Culver City, Calif., has suspended a business tax to attract more movie producers to shoot films in the historic city.
The City Council at the Southern California town, which calls itself “The Heart of Screenland,” voted February 7 to stop charging production companies a tax of $1 per $1,000 spent on operations costs, according to The Hollywood Reporter. The tax will be suspended for five years.
Before the City Council voted to suspend the production tax, it had considered capping the tax at $12,000 a year. The nearby city of Los Angeles now caps its production tax at $12,495 a year. The Los Angeles City Council voted last December to cut taxes for companies shooting movies in the City of Angels.
Culver City has been a historic center of movie production for nearly a century. Movie pioneer Thomas Ince set up two studios there in 1915 with his partners D.W. Griffith and Mack Sennett, before selling one of them to Samuel Goldwyn in 1918. Sam Goldwyn turned it into the Goldwyn Studios in Culver City, which in 1924 became the Metro-Goldwyn-Mayer studios with Goldwyn’s partner Louis B. Mayer. The backlots in Culver City were the site of classic MGM productions like “The Wizard of Oz.”
Also in Culver City, the Hal Roach Studios were where Laurel and Hardy, Harold Lloyd, and the Our Gang comedies were filmed, starting in 1919.
Ince’s other studio in Culver City was sold to Cecil B. DeMille and it became the DeMille Studios after Ince’s death in 1924. It was later the site of the RKO studios, where the Fred Astaire and Ginger Rogers musicals were filmed, as well as “King Kong.” David O. Selznick took it over, and the Selznick Studios was the site of “Gone with the Wind.” Eventually Desilu Productions took over the studio when Lucille Ball and Desi Arnaz bought RKO in the 1950s, and classic TV shows such as “Lassie,” “Hogan’s Heroes,” and “The Untouchables” were filmed there.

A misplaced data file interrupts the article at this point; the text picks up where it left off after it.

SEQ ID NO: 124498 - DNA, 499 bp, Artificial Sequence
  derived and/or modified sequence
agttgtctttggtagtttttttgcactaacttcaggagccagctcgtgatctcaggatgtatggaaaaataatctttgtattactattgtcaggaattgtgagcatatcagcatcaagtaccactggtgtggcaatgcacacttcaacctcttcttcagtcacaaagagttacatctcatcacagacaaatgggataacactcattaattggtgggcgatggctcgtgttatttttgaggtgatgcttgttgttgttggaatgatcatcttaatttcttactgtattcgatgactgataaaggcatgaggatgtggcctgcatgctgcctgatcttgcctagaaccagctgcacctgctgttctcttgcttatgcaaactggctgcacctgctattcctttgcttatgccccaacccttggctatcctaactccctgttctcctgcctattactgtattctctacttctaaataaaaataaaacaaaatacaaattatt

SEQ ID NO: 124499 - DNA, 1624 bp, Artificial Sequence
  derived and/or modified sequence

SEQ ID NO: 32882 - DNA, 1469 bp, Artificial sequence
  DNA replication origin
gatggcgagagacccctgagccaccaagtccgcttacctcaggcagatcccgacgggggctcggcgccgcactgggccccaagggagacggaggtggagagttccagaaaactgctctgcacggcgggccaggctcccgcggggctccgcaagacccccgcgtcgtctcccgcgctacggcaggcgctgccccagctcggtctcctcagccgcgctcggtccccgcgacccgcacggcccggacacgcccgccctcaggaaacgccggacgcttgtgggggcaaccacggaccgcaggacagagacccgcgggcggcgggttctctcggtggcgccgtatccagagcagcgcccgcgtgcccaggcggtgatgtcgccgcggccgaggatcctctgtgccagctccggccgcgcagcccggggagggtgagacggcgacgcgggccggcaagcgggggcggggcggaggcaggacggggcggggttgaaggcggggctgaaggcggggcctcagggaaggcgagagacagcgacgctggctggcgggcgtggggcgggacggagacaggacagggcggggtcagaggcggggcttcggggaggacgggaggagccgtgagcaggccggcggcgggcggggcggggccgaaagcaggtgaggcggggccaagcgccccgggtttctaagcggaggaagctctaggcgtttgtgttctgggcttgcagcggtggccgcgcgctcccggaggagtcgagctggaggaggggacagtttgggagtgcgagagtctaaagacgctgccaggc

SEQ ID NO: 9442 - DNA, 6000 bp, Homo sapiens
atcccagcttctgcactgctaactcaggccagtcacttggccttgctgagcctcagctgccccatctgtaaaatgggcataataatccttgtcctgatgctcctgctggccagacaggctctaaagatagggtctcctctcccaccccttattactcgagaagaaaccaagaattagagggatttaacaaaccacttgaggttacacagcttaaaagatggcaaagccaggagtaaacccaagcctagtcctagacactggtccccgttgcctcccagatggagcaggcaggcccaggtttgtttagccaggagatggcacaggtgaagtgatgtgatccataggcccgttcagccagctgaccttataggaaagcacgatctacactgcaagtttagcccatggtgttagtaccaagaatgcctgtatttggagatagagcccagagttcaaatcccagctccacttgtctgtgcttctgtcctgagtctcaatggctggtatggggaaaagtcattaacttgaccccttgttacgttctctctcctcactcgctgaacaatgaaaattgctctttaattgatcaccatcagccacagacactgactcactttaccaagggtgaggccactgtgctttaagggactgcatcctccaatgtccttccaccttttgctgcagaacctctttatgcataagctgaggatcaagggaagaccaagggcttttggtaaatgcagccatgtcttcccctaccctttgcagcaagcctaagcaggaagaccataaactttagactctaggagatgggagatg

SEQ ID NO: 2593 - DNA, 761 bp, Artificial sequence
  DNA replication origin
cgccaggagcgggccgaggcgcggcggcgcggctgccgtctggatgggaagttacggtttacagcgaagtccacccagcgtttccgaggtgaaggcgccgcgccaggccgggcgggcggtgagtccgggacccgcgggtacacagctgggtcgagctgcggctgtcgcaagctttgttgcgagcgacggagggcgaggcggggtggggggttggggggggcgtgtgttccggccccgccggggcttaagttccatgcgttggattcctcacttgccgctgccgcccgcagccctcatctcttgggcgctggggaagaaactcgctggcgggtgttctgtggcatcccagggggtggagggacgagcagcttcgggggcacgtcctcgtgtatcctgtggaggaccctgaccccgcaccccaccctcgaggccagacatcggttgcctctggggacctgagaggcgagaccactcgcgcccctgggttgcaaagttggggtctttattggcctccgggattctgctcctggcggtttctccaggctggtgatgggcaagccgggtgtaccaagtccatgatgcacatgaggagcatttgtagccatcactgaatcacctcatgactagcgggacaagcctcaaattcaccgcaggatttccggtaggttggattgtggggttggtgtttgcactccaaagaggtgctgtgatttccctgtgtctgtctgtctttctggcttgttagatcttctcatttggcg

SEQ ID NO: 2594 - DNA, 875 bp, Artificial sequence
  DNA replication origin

Culver City and Los Angeles are competing against other states like Georgia and New Mexico, which have been trying to lure more movie productions. At least one state, however, may give up its tax incentives for movie producers.
That one is Michigan, which is trying to cope with an enormous $1.8 billion budget gap. Michigan Governor Rick Snyder has proposed eliminating the tax credits, which amounted to $60 million last year, according to The Wall Street Journal, and substituting them with $25 million in annual incentives. However, actor Jeff Daniels, a Michigan native, rallied hundreds of small business owners in the state on Thursday to keep the tax breaks in place.
Iowa and Massachusetts have also been considering changes in their film tax credit programs after recent reports of abuses (see Moviemakers Charged with Stealing Film Tax Credits and Millions in Tax Breaks in Massachusetts Went for Movie Stars).
Meanwhile, Culver City and Los Angeles are aiming to keep movie production from straying far from Hollywood, which is right where most audiences expect it to be.